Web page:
This will lessen water flow to Sudan and Egypt, with dramatic consequences for their agricultural, power and social needs. Ethiopians will achieve greater power and agricultural opportunity, but at what cost to others?
Moreover, many of these Earth-central themes are going to require huge efforts from within the construction industry. Aggregates mining can be very destructive and disruptive to local communities, as you cannot transport heavy stones long distances, and where the cement industry consumes huge amounts of fossil fuel power.
With each local project affecting the balance between ecology and economy globally, it will be hard for anyone to know if we are actually making real progress. It will be just as hard for investors to track the performance of their investments too, as disclosure by companies remains inadequate, unstandardised and opaque.
Indeed, the recent ‘Seaspiracy’ on Netflix highlights many of the issues which investors are going to have to navigate on marine food consumption. It challenges not only the actual behaviours and methods used by fishing and fish-farming companies but also the poor oversight from many NGOs and governments, empowered to represent the interests of consumers.
It will be just as hard for investors to track the performance. It also highlights the current difficulties in managing the seas and oceans and the different attitudes to sustainability.
With the popularity of ESG investing growing rapidly around the world, this documentary makes it very clear that there is a huge journey ahead to change business practices and inform consumers over the credibility of the product.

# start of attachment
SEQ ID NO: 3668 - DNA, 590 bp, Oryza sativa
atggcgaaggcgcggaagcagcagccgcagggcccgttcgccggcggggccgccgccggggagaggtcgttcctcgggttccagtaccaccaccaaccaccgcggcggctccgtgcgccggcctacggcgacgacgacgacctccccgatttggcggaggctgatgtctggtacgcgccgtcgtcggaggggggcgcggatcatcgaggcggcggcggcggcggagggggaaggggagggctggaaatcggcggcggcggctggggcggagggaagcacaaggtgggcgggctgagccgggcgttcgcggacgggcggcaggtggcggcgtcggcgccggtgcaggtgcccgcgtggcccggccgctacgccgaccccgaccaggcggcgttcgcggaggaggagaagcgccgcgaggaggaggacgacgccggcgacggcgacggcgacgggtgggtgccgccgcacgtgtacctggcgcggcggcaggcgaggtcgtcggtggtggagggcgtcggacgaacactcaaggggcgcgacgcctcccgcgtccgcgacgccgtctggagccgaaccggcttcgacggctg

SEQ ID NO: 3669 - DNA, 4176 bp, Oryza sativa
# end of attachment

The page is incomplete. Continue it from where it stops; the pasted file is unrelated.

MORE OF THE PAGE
Just as in the asset management industry today where many are now rushing to greenwash their funds, so, many companies are airbrushing their activities with little sincere change as yet.
Central banks too are entering this area with a bizarre enthusiasm to promote the creation of green bond markets for both sovereigns and corporates. I say bizarre because I do not believe that it is the role of central banks to solve inequality or climate change.
By underwriting certain types of bond issuance through their quantitative easing policies, central banks may be interfering with the markets’ allocation of risk and capital and, unknowingly, promoting yet more wasteful investment and bad behaviour.
Consumer power at play
I believe that consumers, representing over 50% of the economy, now have a chance to affect dramatic changes in corporate behaviours by preferring more sustainable local products and forcing significant product change through information disclosure, supported by food retail and other shops.
Manufacturers are already confronting the rising costs of using green energy and diminishing opportunity for offshoring production. Finance companies are now being pressured to align their loans and investments away from fossil fuels towards more sustainable power sources.
Many of these changes will be supported by the emergence over the next decade of the Millennial generation as the key voter, consumer and tax-payer.
The complexity and inter-connectedness of these issues and solutions should thus necessitate modest expectations of the pace of change but not underestimate the huge increase in investment and time which will be needed to make the change.
When market valuations and investor expectations are taken into account, it could be that that the most vital and relevant themes become those which do not provide yet more unnecessary technological ubiquity but seek to address the availability of water and healthcare, less plastic and fossil fuels and more chips to feed the world.